By Toby Benoit
I tell ya folks, I have been quite tickled at the great response from last week’s column. That so many of you took the time to write me about it, struck me as awfully nice. And to answer a few of your queries I’m going to expound a bit about our python hunting adventure and hopefully satisfy your curiosities.
The first few questions and the ones most frequently asked are easy to satisfy. First, no my partner on this expedition, Miss Meghan Bailes, is not crazy. She is fearless, but of sound mind, I assure you. She readily jumped at the chance to handle the wild serpents but did so under the supervision and tutelage of a trained professional with many years of experience. Second, no I’m not a sissy. I just don’t like snakes and have had a very poor encounter with one of the poisonous variety, which gives me plenty of reason to not want to handle any live ones. I promise you, I am secure enough in my manhood to pass that task to a girl. And third, no our guide for the weekend, Mike Kimmel, Of Martin County Trapping and Wildlife Rescue, does not provide guided tours of the Everglades for the purpose of catching invasive species. Which is really a shame, as he is a gentleman and a wealth of information on South Florida’s varied ecosystems.
Another question many of you asked, has been how long have these big snakes called Florida home? The Burmese pythons (Python bivittatus), which as a species are native throughout Southeast Asia, were first sighted in Everglades National Park in the 1980s. However, it wasn’t until 2000, that they were officially recognized as a reproducing population. Only nineteen years later the population estimates range anywhere from 300,000 snakes all the way up to a million, depending on whom you’re asking.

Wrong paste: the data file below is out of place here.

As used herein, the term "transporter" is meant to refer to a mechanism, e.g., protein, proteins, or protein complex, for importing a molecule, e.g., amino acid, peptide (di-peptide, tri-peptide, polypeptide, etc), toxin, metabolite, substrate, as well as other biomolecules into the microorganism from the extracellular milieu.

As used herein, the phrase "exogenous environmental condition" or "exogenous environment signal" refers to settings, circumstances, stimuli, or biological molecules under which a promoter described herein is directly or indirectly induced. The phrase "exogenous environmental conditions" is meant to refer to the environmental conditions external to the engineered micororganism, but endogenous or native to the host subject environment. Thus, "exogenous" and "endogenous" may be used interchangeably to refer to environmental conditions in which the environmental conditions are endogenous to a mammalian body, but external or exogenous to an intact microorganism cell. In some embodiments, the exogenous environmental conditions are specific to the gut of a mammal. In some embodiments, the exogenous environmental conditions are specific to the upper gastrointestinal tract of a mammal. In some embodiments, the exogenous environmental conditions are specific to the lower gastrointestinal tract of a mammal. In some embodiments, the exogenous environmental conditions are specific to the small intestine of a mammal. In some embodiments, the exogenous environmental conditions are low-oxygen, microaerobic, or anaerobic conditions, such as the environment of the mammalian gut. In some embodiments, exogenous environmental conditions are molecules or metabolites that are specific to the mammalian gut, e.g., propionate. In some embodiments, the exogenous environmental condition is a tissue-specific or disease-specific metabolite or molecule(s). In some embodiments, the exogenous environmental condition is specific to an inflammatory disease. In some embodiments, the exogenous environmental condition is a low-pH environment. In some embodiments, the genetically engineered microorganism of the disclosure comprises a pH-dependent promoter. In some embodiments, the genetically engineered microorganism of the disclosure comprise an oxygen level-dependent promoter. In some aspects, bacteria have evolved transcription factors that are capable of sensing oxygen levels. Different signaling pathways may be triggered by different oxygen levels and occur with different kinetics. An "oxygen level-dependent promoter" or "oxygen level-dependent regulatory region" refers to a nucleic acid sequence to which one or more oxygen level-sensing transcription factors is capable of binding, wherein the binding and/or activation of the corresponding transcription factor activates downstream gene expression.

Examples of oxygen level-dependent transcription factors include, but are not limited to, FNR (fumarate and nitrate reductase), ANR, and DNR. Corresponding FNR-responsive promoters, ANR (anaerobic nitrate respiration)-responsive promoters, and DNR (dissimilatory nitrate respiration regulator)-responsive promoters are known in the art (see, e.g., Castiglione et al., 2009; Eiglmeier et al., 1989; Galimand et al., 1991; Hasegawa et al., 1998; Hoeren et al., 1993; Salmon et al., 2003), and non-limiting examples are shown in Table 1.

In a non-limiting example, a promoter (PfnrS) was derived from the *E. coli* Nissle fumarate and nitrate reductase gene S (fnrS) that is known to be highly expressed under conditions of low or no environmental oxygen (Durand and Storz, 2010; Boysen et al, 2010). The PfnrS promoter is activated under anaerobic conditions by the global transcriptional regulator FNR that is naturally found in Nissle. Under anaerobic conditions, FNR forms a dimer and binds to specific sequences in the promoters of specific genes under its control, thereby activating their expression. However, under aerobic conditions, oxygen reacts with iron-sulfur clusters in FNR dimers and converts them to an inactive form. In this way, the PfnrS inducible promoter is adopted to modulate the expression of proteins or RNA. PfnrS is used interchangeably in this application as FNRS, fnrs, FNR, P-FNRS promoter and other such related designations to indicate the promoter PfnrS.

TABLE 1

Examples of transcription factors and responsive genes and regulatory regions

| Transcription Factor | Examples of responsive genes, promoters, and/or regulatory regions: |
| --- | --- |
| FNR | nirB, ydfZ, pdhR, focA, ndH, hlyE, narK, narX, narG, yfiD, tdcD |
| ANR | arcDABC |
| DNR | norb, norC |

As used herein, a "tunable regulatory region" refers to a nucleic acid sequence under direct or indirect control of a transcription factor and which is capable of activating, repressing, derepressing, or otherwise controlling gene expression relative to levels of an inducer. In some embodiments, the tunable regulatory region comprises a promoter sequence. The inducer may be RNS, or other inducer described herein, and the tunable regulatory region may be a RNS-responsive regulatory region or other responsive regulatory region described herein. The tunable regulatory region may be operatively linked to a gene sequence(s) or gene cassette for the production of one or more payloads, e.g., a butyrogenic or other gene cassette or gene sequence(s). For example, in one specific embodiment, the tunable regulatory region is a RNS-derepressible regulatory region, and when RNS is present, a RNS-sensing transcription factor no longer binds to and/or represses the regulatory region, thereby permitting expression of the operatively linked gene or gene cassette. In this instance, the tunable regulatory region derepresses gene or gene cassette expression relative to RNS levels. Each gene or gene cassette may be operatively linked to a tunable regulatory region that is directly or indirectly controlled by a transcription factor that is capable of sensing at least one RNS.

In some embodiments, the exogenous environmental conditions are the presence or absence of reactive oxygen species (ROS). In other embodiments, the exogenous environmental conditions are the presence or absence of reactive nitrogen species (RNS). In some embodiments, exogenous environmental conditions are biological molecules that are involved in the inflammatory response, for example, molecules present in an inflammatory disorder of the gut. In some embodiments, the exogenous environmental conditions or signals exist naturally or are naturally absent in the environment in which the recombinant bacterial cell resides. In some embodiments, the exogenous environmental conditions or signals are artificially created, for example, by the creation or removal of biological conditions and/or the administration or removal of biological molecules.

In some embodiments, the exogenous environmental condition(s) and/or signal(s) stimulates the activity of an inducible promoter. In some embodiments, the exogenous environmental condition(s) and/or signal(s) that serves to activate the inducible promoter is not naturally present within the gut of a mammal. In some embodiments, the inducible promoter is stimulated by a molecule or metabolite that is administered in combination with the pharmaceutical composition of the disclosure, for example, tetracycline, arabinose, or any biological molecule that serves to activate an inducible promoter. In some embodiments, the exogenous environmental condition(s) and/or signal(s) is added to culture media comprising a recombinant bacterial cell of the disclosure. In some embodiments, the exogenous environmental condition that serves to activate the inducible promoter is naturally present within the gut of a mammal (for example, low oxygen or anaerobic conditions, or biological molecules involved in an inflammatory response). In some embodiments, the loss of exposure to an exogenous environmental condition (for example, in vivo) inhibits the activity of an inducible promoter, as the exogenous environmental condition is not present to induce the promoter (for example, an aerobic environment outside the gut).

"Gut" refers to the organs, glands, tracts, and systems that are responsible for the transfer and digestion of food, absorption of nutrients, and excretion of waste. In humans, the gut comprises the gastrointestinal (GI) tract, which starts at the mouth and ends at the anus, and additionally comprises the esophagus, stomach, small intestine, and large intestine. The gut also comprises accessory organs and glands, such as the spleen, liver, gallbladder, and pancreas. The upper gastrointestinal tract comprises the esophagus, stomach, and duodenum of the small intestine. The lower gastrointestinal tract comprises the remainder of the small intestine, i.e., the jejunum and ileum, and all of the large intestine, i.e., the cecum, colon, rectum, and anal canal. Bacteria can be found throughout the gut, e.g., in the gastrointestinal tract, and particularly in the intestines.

One thing that sets the big snakes apart from any of our native species is their diet. There really isn’t much they won’t consume; birds, turtles, fish, and any fur-bearing mammals, on up to alligators, deer, and livestock up to about 200 pounds. Mike Kimmel pointed out during our visit that the Glades used to be full of life, raccoons, opossums, rabbits, etc, in abundance. Nowadays, he tells me, the wildlife sightings are rare. The pythons are reducing the Everglades to a wasteland and that is why so many groups, such as the South Florida Water Management District and the Florida Wildlife Commission, are spending millions of dollars on research and programs designed to bring the numbers of these alpha predators under control.
I will be returning to the Everglades soon, most likely with my fearless friend Meghan, in tow to hunt a collection of private farms for the pythons. There have been many sightings in the area and quite a bit of livestock has been lost to their coils. I will be honored to assist in the hunt to reduce the encroaching numbers, but this time I’ll be allowed to shoot them. And to be sure, I rather prefer it that way!
For any of you getting outdoors this weekend, I wish you the best of luck! And as always, I’d love to hear about your adventures and maybe see a photo or two of your successes at [email protected] God bless and good hunting!